My jaw clenched tightly. Screw breathing deeply. I yanked the cap from my head, pulling long strands of black hair from the band at my neck, and winced at the tiny pain. I flung the cap to the ground in front of us and looked up the black denim-clad legs to the black pea coat and beyond. My mouth opened to swear, but no sound came out. The hissy fit drained away to something else entirely. My pulse still raced, but for an entirely different reason.
How fair was that? How fucking fair was it that after ten years apart, my hair showed silvery streaks and my face showed my age, but Jason was still the slender, boyish youth of years gone by? Yeah, he'd shaved the dirty blond dreadlocks. Those wire-rim glasses were new, but he appeared as youthful and vibrant, untouched by life, alive as he had when we'd all parted years ago to make those sunrise dreams reality. His black jeans had the telltale smudges of paint, and I'd be willing to bet that underneath those leather driving gloves lurked more paint.
This wasn't the reunion we planned then. It was nine years too late, for one thing. We were one man short, for another.
The bench creaked as he perched next to me on the top slat, and instinctively I grabbed his knee to anchor both of us so we wouldn't topple backward. His hand covered mine before I could jerk it away, and he refused to relinquish it when I tugged. I gave in with ill grace. Jason’s touch stirred physical responses that I’d rather not experience.
"I sent you an invitation to my gallery opening last year."
"I got it."
"You couldn't make it." No judgment. Levelheaded, easygoing, that was Jason. I didn't even understand how he knew to send the damn invitation to the school in the first place. For all I knew, he still lived with his parents and painted in that fucking unheated studio over their garage.
I handed him the envelope. The envelope that had brought me here, as he had known it would, when nothing else could. "I want to buy it."
He shook his head. "It's not for sale. That's not why I sent it to you."
Heat pooled at the back of my neck, and the tiny, irritating noise of my own teeth grinding warned of a potential headache in the offing. I turned, made eye contact for the first time. "Then why? Why send it? Fuck, why paint it? How the hell could you even stand to paint that picture? It kills me that you could have done that, like it doesn't mean fucking anything to you." By the time I spit out the last words, my voice had risen enough to scare off the waterfowl in the pond.
The expression on his face was one I'd never noticed before. I thought I had all their expressions memorized, his and Paul's. Oh, Christ. "Paul." The name slipped out, the memories in. I dropped my head to my knees again, breaking eye contact. I had to create mental distance since physical wasn't possible. I was empty, raw. My stomach tightened and my eyes burned.
"Morgan, it means everything to me. It's all I have. That painting, it's the heart and soul of who I am, who you are, who Paul was." The hand clutching mine drew away, and I nearly protested as cold took its place. Then I felt him fussing. I rolled my eyes as he loosened the band from my hair and combed his fingers through it before gathering it back into a neater ponytail, smoothing the hairs pulled loose by the wool cap. It felt too good to be cared for like that again. I jerked upright and away.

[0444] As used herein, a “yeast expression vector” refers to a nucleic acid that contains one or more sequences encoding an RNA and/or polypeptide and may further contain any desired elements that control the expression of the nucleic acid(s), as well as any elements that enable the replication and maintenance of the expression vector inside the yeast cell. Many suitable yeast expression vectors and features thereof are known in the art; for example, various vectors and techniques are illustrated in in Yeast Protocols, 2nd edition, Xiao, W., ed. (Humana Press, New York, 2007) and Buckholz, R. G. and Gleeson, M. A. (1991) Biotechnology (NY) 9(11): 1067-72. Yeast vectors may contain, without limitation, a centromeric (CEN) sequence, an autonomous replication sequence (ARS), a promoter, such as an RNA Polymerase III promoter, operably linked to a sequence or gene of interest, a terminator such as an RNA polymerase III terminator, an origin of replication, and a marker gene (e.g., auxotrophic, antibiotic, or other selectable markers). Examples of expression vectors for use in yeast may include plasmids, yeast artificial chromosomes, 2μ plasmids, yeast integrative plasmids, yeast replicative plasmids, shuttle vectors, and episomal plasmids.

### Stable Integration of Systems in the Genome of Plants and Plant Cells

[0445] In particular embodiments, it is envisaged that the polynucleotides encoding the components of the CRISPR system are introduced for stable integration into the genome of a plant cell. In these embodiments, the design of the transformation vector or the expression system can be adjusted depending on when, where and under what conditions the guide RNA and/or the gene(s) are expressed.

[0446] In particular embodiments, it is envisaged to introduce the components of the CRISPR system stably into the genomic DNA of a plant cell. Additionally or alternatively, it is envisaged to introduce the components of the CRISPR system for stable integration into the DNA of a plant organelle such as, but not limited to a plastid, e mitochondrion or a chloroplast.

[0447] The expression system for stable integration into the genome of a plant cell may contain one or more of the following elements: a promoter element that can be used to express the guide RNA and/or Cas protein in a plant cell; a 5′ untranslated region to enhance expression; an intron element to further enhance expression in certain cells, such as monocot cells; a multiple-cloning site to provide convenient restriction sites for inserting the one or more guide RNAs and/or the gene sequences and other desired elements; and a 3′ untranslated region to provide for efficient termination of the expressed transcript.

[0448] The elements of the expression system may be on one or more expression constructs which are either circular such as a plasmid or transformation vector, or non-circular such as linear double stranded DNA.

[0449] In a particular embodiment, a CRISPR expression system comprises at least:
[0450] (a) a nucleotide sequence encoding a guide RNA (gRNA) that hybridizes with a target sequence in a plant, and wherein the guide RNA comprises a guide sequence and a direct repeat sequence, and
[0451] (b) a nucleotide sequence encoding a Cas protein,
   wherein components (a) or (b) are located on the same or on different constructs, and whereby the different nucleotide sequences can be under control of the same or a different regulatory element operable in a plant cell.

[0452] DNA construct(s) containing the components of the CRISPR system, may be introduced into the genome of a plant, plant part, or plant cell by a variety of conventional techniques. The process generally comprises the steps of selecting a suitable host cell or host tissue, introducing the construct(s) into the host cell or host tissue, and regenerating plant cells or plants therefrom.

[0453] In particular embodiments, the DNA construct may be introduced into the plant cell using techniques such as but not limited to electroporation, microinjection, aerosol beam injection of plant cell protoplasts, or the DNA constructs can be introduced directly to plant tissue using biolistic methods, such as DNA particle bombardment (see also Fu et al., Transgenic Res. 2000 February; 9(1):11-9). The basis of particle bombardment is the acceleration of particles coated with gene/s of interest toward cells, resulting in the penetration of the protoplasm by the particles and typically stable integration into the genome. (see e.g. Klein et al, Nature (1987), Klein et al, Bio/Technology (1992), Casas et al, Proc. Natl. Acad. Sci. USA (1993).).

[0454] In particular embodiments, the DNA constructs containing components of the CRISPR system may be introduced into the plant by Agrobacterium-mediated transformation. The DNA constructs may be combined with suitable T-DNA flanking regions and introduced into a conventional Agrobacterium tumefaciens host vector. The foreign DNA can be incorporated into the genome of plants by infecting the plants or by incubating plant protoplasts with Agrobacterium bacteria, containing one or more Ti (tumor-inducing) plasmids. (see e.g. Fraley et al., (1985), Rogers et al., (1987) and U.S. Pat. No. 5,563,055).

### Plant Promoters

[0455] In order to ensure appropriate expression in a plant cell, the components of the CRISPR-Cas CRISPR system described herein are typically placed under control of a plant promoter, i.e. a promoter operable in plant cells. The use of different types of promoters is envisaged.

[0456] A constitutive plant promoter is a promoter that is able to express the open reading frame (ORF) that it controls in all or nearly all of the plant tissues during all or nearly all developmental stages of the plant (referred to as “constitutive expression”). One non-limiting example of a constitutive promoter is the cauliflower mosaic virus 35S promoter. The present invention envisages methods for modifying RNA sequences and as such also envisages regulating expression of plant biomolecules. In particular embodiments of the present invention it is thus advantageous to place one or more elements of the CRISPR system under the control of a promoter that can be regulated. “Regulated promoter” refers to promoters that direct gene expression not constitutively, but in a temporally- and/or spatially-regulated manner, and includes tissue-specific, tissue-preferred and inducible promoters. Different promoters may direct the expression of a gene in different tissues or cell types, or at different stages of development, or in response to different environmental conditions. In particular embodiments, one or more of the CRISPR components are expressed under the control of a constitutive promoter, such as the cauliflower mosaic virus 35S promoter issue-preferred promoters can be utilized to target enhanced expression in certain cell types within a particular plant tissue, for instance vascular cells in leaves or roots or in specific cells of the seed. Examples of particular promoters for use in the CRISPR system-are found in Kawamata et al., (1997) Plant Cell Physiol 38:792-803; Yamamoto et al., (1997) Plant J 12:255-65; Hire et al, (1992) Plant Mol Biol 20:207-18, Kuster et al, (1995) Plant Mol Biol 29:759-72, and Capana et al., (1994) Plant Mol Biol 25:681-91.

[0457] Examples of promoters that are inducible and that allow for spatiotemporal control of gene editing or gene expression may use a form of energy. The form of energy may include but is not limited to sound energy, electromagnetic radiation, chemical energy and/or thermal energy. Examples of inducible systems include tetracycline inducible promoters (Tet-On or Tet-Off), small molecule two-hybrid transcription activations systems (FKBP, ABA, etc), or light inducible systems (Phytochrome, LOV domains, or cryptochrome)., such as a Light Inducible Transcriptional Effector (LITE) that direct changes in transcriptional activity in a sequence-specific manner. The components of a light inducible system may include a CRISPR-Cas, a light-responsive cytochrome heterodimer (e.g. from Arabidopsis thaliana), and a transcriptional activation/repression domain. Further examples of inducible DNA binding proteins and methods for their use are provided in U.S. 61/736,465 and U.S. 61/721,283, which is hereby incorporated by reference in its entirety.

"Damn it, Jason, I don't want to go there. We can't recapture the past! You are not my mother. You are not Paul." I narrowed my eyes and gave him the look that intimidated school board members and recalcitrant football players alike. "Why did you send it if you won't sell me the painting?"
"Were you here? May twenty-sixth, two thousand one? Because I was."
I stared at him. My anger was fading, heart rate returning to normal. The heat from earlier was replaced by a chill that had nothing to do with the low temperature. Surely he was kidding. "Why? Why did you bother? Paul was dead by then. You had to know I wouldn't come."
"No, I didn't. See, somehow, I never thought it was all about you and Paul. Somehow, I thought it was all about you, me, and Paul. I guess I naively believed that without Paul, you and I would need each other even more."
I couldn't speak, but the shock must have shown on my face. With an impatient sigh, Jason jumped from the bench. I automatically steadied myself, swaying slightly as the bench protested the sudden movement.
He tossed the photo from the envelope into my lap. "I have it crated and ready to ship. Pick it up at my parents' house any time. I won't be there."
I didn't look up. I didn't speak. I listened to his footsteps, muffled now by the snow that had fallen on the crunching leaves. As the colors changed and faded from the morning sky, I stared at the photo of the painting that had brought me here. Three men on a bench in a park at sunrise, three heads pressed together, three hands clasped. If one of the images was a little blurry, I couldn't tell if that was the artist's intent, the tears in my eyes, or the snow that fell on the photo.